A Fourth Quarter “Storm” Sends Phoenix Home

A Fourth Quarter “Storm” Sends Phoenix Home

By Patrick Ralph


Through the first three quarters of Game 5 on Tuesday night, the Phoenix Mercury were in control. The top-seeded Seattle Storm had yet to hold a lead in the game, and the tension was building in Key Arena.

It felt like the Mercury were going to capture another road playoff win in an elimination game and advance to the WNBA Finals for the first time since their last championship in 2014. And with Diana Taurasi and DeWanna Bonner having yet to take over, it felt as if the two Phoenix stars were about to go off in the final 10 minutes.

Instead, an offensive tsunami ensued as the Storm outscored the Mercury 35-21 in the fourth quarter to roll to a 94-84 win at home in Game 5 to advance to their first WNBA Finals since 2010.

Through three quarters, Phoenix’s defense had successfully corralled and slowed down Seattle’s offense. It all but forced the Storm to operate in the half court rather than let Seattle get out running in transition. But in the fourth quarter, the horses broke down the barn door.

After Seattle and Phoenix exchanged punches back and forth in the first few minutes of the fourth quarter, the game was knotted up at 76-76. But the Storm took over in the final minutes and simply could not miss a shot down the stretch, as Seattle outscored Phoenix 18-8 to close out the game. Phoenix’s defense all but collapsed in crunch time.

Breanna Stewart played like the MVP she is, as she led all scorers in the game with 28 points. But the reason why the Storm finished the final game of the semifinal round in Golden State Warriors-esque fashion was because of its veteran point guard and floor general: Sue Bird.

Donning a protective face mask similar to that of former NBA player Rip Hamilton after breaking her nose in Game 4, Bird had been contained in the first half of Game 5. But in the second half, she took control of the game. Scoring 14 of her 22 points in the second half, Bird was the key to Seattle running away with the win.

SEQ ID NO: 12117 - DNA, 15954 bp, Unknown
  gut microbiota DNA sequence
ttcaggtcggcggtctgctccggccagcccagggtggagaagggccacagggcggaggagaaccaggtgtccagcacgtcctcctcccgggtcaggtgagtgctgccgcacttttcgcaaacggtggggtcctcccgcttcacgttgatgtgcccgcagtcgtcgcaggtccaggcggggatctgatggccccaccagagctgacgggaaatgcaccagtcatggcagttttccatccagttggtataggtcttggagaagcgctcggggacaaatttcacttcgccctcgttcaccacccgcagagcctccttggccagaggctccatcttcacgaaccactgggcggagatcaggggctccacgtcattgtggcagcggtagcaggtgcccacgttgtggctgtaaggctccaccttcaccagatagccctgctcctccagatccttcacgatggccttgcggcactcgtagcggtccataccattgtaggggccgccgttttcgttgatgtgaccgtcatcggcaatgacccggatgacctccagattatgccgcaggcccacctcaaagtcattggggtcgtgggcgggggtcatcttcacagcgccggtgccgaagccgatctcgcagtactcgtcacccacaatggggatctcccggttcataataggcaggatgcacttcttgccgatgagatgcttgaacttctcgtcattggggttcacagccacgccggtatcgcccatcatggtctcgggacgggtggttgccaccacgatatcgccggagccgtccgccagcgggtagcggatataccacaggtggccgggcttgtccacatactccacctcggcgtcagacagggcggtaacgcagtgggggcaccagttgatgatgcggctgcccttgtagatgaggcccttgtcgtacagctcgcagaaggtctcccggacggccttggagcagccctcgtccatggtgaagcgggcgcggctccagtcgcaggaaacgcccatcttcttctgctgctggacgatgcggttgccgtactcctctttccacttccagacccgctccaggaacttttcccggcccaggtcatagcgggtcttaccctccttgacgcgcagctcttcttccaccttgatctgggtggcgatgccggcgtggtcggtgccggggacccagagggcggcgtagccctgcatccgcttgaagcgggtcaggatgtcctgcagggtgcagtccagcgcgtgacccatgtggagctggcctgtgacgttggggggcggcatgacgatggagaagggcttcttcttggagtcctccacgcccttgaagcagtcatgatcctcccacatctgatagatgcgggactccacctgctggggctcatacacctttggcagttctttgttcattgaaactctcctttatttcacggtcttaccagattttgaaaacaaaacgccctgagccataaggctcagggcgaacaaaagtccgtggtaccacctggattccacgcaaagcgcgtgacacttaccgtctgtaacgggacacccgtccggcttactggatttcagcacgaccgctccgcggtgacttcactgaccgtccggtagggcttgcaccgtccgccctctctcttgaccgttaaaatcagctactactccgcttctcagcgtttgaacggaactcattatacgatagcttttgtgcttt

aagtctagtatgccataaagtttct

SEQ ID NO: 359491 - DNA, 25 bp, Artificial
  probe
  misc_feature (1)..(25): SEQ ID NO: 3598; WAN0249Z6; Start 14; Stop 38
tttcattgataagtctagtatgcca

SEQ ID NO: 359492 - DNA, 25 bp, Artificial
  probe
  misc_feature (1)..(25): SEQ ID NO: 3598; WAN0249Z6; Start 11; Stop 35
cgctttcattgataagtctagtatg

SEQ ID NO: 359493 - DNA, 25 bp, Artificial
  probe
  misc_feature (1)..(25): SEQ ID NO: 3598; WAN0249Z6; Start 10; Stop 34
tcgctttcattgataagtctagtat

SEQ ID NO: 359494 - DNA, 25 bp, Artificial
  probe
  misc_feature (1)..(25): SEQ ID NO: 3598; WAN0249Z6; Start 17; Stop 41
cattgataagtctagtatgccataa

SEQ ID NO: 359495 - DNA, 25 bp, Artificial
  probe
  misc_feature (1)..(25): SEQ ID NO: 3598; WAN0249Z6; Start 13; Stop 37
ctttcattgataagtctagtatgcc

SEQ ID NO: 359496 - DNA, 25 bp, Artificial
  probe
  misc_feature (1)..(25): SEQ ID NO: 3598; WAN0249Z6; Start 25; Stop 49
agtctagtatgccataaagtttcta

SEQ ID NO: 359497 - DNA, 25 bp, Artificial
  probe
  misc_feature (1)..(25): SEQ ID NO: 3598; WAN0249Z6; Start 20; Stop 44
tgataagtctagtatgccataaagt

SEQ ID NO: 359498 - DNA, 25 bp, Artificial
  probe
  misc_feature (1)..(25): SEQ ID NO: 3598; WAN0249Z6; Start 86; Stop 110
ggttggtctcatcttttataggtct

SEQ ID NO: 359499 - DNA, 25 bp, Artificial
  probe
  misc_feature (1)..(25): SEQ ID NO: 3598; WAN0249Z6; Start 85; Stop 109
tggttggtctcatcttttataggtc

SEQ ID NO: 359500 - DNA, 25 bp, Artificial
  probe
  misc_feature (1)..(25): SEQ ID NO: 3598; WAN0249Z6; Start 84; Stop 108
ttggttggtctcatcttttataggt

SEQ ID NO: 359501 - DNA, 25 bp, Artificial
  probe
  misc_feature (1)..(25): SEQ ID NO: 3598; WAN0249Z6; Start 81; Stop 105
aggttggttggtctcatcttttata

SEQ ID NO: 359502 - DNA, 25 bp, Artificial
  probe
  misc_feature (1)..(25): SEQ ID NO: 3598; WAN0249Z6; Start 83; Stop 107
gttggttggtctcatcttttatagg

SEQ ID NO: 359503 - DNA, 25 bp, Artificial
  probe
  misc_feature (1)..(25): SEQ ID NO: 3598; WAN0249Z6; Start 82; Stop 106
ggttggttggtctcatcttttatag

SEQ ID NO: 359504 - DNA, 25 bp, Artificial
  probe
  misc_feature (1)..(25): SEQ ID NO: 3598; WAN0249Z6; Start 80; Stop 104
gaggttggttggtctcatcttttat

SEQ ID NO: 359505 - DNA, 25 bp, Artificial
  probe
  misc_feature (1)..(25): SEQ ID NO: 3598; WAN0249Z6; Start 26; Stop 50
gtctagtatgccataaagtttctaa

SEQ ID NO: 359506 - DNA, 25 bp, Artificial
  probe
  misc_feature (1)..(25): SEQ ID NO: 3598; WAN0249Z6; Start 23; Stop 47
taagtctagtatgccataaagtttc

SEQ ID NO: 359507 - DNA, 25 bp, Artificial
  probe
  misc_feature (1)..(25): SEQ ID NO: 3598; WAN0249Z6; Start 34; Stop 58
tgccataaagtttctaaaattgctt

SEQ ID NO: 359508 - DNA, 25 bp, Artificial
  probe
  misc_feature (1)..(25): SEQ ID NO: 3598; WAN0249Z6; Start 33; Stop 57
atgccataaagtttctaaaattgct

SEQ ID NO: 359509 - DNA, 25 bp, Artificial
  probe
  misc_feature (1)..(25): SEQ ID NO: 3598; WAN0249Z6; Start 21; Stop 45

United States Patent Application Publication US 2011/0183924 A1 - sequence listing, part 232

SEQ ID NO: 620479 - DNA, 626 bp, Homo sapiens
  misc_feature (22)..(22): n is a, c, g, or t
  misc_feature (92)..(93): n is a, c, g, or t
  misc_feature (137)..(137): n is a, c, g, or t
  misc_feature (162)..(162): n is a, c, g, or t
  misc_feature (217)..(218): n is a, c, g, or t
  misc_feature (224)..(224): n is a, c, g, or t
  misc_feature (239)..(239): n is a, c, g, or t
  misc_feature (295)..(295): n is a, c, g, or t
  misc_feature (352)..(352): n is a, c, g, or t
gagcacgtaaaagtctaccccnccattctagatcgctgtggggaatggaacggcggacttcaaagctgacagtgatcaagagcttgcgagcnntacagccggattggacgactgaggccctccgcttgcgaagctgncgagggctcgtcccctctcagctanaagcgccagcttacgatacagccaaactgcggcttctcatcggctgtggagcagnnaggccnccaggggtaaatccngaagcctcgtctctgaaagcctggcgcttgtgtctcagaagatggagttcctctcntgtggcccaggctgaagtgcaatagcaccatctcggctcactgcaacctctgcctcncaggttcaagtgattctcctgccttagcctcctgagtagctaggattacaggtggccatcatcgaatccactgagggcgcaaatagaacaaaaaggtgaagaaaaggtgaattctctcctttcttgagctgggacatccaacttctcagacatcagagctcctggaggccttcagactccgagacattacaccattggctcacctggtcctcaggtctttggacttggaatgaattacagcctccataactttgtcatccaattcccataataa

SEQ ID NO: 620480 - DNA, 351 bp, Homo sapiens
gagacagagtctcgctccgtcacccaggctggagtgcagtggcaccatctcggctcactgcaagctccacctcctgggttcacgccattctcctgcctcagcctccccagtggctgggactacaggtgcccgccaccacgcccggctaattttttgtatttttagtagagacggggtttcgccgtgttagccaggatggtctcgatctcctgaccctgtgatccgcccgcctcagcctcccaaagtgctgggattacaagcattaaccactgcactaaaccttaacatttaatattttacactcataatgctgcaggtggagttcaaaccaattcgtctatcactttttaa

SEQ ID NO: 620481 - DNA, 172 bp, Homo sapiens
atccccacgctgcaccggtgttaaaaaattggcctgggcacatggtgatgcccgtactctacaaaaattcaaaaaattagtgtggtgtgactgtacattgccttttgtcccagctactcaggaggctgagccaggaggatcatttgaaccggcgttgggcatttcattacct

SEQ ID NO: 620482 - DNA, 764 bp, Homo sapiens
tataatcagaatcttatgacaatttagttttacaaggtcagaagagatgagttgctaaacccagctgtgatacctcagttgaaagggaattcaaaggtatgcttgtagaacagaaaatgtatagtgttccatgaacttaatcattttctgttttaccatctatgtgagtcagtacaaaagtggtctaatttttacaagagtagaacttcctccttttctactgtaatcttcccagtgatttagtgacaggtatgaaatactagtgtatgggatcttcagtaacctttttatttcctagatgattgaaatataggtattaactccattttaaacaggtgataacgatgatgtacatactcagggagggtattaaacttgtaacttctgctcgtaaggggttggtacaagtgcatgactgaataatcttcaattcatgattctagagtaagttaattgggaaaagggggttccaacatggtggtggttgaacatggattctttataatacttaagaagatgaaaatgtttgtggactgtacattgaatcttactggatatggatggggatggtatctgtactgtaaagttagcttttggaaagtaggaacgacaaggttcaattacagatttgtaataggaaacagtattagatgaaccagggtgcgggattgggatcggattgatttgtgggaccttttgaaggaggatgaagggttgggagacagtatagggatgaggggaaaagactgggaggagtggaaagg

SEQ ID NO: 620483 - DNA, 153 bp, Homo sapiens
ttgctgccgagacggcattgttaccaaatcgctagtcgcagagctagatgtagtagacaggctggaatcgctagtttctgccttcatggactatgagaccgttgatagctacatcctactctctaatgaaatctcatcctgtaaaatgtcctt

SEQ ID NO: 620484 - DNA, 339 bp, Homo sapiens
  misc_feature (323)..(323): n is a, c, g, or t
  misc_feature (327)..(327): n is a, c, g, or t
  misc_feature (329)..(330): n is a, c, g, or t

It was also fitting that it was Bird who brought Taurasi’s undefeated record in winner-take-all playoff elimination games to an end, as Bird’s friend and fellow UConn star was handed her first loss in such games during her Hall of Fame career.

Now only 13-1 in winner-take-all playoff games, Taurasi was not her signature self in Game 5. While she finished with 17 points and scored seven points in the fourth quarter, Taurasi did not have the breath-taking offensive performance that many expected her to have on Tuesday night in Seattle.

Game 5 was also the first game in the series that Bonner struggled offensively too. After averaging over 25 points per game in the first four games of the semifinals, Bonner scored only 14 points in Tuesday night’s game and was all but a non-factor until the fourth quarter when she scored half of her points.

All five of Phoenix’s starters scored in double figures and outscored Seattle’s starting lineup, highlighted by a team-high 21 points from Brittney Griner and an inspiring 19-point showing from Yvonne Turner.

However, the Mercury’s bench was outscored 18-2 by Seattle’s bench, bringing to light the lack of depth and over-dependence on star power that Phoenix has suffered from all season long.

At the start of the fourth quarter, both teams were ice-cold from three-point land. By the time the final whistle blew, it ended up being one of the key differences in the game. Phoenix’s three-point shooting plateaued, while the Storm surged from the perimeter in the final period. Phoenix’s poor three-point shooting throughout the series finally came back to bite.

Furthermore, Phoenix was dominated by Seattle on the glass in Game 5. Outrebounded 40-29 in the contest, the Mercury gave up several second chance opportunities to Seattle in the fourth quarter and were unable to create ones for themselves offensively. Seattle’s defense did a good job at limiting Phoenix to single-shot possessions in the final minutes.

With their season over and now eliminated from the playoffs, the Mercury are sure to be disappointed that they were unable to make it to the Finals. But it was still a great season for Phoenix. Taurasi and Griner had two outstanding All-Star campaigns, and Bonner’s return from missing all of last year due to child birth to becoming an All-Star was incredible.

While the Mercury’s Big 3 was arguably the best star trio in the WNBA this season, Phoenix’s lack of a supporting cast was an issue all year long. The return of a healthy Sancho Lyttle and Stephanie Talbot next year will certainly help salvage that weakness and could have made a significant difference against Seattle.

But this is an area of the team that Phoenix could look to improve this offseason. While the Mercury went seven deep in Game 5, Seattle was able to comfortably implement a nine-person rotation in the elimination game.

This is a team and a franchise with championship aspirations. The Mercury will not sit still and be complacent, especially with Taurasi in the twilight years of her career. As long as the Big 3 is healthy and still productive, Phoenix is going to continue to contend and keep that championship window open as long as possible.